6. bACHMANN pERRY oVERDRIVE (formerly Hey Norm) says:

    It would be swell if Texas Fact Checker included some links or…I don’t know…some facts?

    “…vast majority…”

    or

    “…The public sector is tiny…”

    may be true, but it’s hard to judge.

  7. Brett says:

    Thanks for linking to the WSJ article. My main concern with the Derek Thompson post was that 2007-2011 is a relatively short and unusual period of time, and the jobs that grew in that period might simply be more resistant to a recession than other sectors. It turns out that the entire decade of job growth in Texas was dominated by Mining, Health Care & Private Education, and Government Employment. Less than 100,000 net jobs were in other categories.

    Why do they group “Health Services” with ‘Private Education” in a single category? Particularly since “Private Education” is different from Public Sector Education employment, or so the WSJ article said.

    @Texas Fact Checker

    The private sector, meanwhile, is much, much larger than the public sector in Texas. The lion’s share of new jobs in Texas are private sector jobs. The growth has been broad-based, in a variety of industries and at a variety of wage levels. Oil and gas is a part of it, sure, but financial services, aerospace, and other industries saw the greatest job growth BY FAR in Texas

    Read the WSJ article. It points out that out of the roughly “more than a million” net jobs created in Texas since 2000, roughly 952,000 of them were created in 1)Education and Health Services, 2)Government, and 3)”Mining”. Unless it’s a LOT more than “a million” (which I doubt), less than 100,000 net jobs were created in other sectors. Aerospace and Financial Services might be thriving there, but they’re not creating many jobs.

    As for “private sector” jobs, the “Education & Health Services” category exists in a gray area. Most of the jobs are in the Private Sector, but significant percentages of the consumer demand in that sector come from government payments, particularly Medicare, Medicaid, and so forth.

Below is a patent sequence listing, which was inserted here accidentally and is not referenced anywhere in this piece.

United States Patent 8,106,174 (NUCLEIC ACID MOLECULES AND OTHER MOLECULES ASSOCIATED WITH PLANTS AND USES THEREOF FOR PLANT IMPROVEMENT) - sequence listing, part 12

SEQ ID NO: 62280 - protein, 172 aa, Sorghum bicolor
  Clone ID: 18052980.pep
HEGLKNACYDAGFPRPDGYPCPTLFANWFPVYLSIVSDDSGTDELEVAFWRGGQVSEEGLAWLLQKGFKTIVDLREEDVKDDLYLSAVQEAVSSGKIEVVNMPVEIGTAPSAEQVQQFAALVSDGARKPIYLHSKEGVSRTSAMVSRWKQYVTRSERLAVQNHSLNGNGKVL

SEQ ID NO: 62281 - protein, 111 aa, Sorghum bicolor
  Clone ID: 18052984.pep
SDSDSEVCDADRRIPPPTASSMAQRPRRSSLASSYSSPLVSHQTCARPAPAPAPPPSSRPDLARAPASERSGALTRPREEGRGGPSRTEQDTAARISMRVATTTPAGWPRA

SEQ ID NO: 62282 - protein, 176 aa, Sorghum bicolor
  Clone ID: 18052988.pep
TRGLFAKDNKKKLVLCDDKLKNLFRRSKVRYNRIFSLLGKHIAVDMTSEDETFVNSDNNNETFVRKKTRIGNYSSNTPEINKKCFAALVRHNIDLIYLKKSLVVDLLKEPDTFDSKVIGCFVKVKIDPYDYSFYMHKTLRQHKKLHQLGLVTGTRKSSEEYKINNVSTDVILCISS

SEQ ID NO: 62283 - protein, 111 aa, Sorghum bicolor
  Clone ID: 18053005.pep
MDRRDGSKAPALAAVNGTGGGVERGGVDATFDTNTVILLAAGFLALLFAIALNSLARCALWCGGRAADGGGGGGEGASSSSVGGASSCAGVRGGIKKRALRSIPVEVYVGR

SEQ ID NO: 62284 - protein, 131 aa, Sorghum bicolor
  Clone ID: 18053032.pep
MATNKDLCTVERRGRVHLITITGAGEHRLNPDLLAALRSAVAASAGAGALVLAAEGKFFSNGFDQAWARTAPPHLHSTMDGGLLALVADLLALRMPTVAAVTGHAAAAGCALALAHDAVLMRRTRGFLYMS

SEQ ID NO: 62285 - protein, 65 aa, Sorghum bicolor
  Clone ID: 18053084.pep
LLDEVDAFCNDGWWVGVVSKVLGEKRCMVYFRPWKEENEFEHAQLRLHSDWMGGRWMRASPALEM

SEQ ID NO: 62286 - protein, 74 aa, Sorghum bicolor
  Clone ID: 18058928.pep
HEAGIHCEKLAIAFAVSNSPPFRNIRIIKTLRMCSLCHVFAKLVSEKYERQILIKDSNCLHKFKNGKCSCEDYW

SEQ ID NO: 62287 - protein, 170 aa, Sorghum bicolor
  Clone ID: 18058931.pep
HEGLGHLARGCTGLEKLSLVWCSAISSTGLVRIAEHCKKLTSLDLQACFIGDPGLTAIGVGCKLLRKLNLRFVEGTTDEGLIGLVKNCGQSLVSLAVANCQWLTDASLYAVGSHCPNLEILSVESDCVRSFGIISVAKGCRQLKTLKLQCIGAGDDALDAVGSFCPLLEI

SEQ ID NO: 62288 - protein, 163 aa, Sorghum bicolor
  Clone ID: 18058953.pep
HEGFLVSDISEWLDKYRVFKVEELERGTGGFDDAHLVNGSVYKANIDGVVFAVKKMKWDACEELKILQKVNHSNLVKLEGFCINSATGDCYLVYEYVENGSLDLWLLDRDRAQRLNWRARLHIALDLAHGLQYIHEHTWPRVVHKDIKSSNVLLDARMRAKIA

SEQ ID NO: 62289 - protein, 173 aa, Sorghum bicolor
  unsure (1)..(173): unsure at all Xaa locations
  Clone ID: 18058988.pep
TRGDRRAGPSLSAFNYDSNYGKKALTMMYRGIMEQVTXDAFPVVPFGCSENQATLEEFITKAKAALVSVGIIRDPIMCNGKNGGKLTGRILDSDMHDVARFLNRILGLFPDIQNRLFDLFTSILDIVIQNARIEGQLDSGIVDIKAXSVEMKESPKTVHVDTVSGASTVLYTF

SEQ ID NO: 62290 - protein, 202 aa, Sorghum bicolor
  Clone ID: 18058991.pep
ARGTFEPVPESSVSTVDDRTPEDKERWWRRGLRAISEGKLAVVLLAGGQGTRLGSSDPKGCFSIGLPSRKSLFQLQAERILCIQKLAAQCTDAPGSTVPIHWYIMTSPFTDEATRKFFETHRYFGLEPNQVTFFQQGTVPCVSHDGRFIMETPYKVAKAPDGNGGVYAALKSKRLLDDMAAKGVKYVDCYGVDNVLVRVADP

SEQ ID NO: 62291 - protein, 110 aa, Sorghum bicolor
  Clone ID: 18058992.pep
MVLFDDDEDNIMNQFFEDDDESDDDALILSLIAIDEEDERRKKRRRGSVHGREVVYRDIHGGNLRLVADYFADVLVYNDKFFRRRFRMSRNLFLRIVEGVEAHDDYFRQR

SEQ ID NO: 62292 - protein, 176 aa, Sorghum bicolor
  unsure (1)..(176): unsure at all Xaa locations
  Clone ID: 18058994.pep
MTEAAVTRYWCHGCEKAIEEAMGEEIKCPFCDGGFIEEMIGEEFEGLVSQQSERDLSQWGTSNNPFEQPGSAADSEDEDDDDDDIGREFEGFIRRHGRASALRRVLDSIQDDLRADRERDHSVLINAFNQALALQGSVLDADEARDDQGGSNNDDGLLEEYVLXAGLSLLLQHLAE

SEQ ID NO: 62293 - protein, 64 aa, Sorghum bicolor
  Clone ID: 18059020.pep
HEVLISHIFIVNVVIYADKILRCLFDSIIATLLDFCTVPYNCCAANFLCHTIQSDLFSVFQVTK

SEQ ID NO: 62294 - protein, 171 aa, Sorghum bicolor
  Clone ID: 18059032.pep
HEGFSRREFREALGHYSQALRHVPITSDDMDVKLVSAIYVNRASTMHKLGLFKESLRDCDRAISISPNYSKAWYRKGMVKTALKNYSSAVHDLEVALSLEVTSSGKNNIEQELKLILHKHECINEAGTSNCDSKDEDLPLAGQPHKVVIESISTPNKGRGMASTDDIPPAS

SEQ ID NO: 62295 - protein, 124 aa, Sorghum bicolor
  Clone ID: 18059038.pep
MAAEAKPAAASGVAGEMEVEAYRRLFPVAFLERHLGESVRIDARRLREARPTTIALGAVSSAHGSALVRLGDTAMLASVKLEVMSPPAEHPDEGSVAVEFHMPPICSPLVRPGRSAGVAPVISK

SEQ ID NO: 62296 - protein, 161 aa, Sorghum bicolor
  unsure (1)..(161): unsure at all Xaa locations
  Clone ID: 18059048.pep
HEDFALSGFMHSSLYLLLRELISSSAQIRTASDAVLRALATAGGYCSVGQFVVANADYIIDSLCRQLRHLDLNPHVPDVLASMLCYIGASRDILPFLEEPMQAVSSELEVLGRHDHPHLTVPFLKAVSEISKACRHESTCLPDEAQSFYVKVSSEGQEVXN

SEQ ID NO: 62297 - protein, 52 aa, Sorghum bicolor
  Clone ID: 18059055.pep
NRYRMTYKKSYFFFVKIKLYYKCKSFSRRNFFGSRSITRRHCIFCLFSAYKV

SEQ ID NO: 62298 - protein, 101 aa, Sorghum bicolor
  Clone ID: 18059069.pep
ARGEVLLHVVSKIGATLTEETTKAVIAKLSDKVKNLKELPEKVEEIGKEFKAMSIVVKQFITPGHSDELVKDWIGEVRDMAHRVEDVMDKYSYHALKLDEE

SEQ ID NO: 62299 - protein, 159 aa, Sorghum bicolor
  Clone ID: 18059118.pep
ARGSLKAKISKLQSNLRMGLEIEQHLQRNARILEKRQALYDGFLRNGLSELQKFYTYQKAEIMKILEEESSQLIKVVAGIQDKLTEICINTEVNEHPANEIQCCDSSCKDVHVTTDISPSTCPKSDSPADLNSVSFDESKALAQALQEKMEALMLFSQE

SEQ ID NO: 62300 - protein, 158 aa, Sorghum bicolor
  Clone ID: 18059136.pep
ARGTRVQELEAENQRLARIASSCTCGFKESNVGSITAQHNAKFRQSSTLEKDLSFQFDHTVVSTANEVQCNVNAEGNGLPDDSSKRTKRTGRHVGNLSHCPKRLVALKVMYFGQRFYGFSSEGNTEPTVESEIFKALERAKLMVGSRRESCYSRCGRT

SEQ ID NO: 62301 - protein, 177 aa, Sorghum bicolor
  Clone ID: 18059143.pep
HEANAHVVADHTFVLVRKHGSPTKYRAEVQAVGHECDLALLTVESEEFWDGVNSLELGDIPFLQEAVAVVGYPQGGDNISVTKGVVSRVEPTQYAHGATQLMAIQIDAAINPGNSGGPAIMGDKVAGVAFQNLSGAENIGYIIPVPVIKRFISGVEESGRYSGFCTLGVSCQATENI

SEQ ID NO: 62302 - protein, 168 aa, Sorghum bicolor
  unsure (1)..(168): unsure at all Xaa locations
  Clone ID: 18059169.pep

On the bright side, the median wage in Texas in $15.14 an hour. Pre-tax, that’s roughly $32,000 a year before tax. Not so great on a single income, but two-income families at that rate could do okay. Even a single-income family on that might be alright if costs of living are sufficiently low (and they are unusually low in Texas).

  8. Brett says:

    Correction: I think my numbers on the “Mining” sector jobs are wrong. The WSJ is confusing – is 243,000 the number of jobs in the sector, or the net increase in jobs in the Mining Sector?

    It sounds like the “94,000” number might be more accurate, but then they show a chart that doesn’t fit with either estimate.

  9. Ron Beasley says:

    @Brett:

    On the bright side, the median wage in Texas in $15.14 an hour. Pre-tax, that’s roughly $32,000 a year before tax.

    If that were the average wage it would be pretty good – as a median wage it is not. Median is the half way point between the highest and lowest wage and there are some in TX that make a lot of money.

  10. Trumwill says:

    One of the things worth noting on Thompson’s chart is how much smaller the losses were in other sectors, perhaps allowing some of service sectors to flourish. Since “jobs created” is actually jobs created minus jobs lost, both sides of the ledger are important.

    Is there anything reproducible on a national scale? Here are some possibilities:

    1) While the US isn’t going to be luring jobs from third-world overseas, it’s possible that the Texas model could prove superior in stopping or (less unlikely) slowing the bleeding. If true, this would represent a philosophical question, is it worth holding onto the jobs if they pay less? Is that glass half-full or half-empty?